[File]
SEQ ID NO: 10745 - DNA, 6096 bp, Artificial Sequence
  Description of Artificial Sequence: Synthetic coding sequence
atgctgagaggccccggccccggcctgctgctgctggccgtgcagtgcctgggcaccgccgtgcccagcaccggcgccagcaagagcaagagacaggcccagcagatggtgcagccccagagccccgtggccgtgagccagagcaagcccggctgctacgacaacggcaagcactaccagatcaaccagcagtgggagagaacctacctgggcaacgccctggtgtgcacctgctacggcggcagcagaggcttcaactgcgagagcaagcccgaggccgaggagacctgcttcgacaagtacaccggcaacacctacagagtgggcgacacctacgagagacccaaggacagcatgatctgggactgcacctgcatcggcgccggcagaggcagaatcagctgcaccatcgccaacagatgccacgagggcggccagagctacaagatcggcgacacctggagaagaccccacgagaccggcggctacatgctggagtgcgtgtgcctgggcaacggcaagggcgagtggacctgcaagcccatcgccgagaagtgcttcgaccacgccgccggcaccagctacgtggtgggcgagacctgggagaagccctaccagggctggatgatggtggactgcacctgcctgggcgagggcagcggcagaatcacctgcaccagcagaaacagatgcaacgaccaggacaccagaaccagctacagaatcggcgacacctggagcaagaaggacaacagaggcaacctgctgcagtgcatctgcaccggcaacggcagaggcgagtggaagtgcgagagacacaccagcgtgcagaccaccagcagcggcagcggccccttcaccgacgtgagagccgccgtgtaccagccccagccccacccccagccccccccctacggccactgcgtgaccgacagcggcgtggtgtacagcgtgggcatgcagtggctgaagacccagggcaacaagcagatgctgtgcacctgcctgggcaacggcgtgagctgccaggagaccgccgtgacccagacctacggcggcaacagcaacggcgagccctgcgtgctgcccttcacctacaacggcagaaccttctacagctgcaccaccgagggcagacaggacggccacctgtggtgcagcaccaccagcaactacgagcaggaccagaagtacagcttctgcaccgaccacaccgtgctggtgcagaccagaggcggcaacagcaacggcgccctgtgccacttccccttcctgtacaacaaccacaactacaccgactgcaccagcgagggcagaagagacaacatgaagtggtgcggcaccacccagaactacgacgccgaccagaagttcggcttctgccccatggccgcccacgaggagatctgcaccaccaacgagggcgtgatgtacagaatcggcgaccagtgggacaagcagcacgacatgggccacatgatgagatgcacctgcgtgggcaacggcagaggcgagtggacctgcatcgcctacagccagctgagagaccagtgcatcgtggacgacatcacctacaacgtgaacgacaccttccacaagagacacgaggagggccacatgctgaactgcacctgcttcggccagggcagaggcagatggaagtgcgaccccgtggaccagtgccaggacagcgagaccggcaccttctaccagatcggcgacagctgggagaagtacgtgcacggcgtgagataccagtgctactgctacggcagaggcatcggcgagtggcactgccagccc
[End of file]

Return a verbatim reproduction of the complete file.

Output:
SEQ ID NO: 10745 - DNA, 6096 bp, Artificial Sequence
  Description of Artificial Sequence: Synthetic coding sequence
atgctgagaggccccggccccggcctgctgctgctggccgtgcagtgcctgggcaccgccgtgcccagcaccggcgccagcaagagcaagagacaggcccagcagatggtgcagccccagagccccgtggccgtgagccagagcaagcccggctgctacgacaacggcaagcactaccagatcaaccagcagtgggagagaacctacctgggcaacgccctggtgtgcacctgctacggcggcagcagaggcttcaactgcgagagcaagcccgaggccgaggagacctgcttcgacaagtacaccggcaacacctacagagtgggcgacacctacgagagacccaaggacagcatgatctgggactgcacctgcatcggcgccggcagaggcagaatcagctgcaccatcgccaacagatgccacgagggcggccagagctacaagatcggcgacacctggagaagaccccacgagaccggcggctacatgctggagtgcgtgtgcctgggcaacggcaagggcgagtggacctgcaagcccatcgccgagaagtgcttcgaccacgccgccggcaccagctacgtggtgggcgagacctgggagaagccctaccagggctggatgatggtggactgcacctgcctgggcgagggcagcggcagaatcacctgcaccagcagaaacagatgcaacgaccaggacaccagaaccagctacagaatcggcgacacctggagcaagaaggacaacagaggcaacctgctgcagtgcatctgcaccggcaacggcagaggcgagtggaagtgcgagagacacaccagcgtgcagaccaccagcagcggcagcggccccttcaccgacgtgagagccgccgtgtaccagccccagccccacccccagccccccccctacggccactgcgtgaccgacagcggcgtggtgtacagcgtgggcatgcagtggctgaagacccagggcaacaagcagatgctgtgcacctgcctgggcaacggcgtgagctgccaggagaccgccgtgacccagacctacggcggcaacagcaacggcgagccctgcgtgctgcccttcacctacaacggcagaaccttctacagctgcaccaccgagggcagacaggacggccacctgtggtgcagcaccaccagcaactacgagcaggaccagaagtacagcttctgcaccgaccacaccgtgctggtgcagaccagaggcggcaacagcaacggcgccctgtgccacttccccttcctgtacaacaaccacaactacaccgactgcaccagcgagggcagaagagacaacatgaagtggtgcggcaccacccagaactacgacgccgaccagaagttcggcttctgccccatggccgcccacgaggagatctgcaccaccaacgagggcgtgatgtacagaatcggcgaccagtgggacaagcagcacgacatgggccacatgatgagatgcacctgcgtgggcaacggcagaggcgagtggacctgcatcgcctacagccagctgagagaccagtgcatcgtggacgacatcacctacaacgtgaacgacaccttccacaagagacacgaggagggccacatgctgaactgcacctgcttcggccagggcagaggcagatggaagtgcgaccccgtggaccagtgccaggacagcgagaccggcaccttctaccagatcggcgacagctgggagaagtacgtgcacggcgtgagataccagtgctactgctacggcagaggcatcggcgagtggcactgccagccc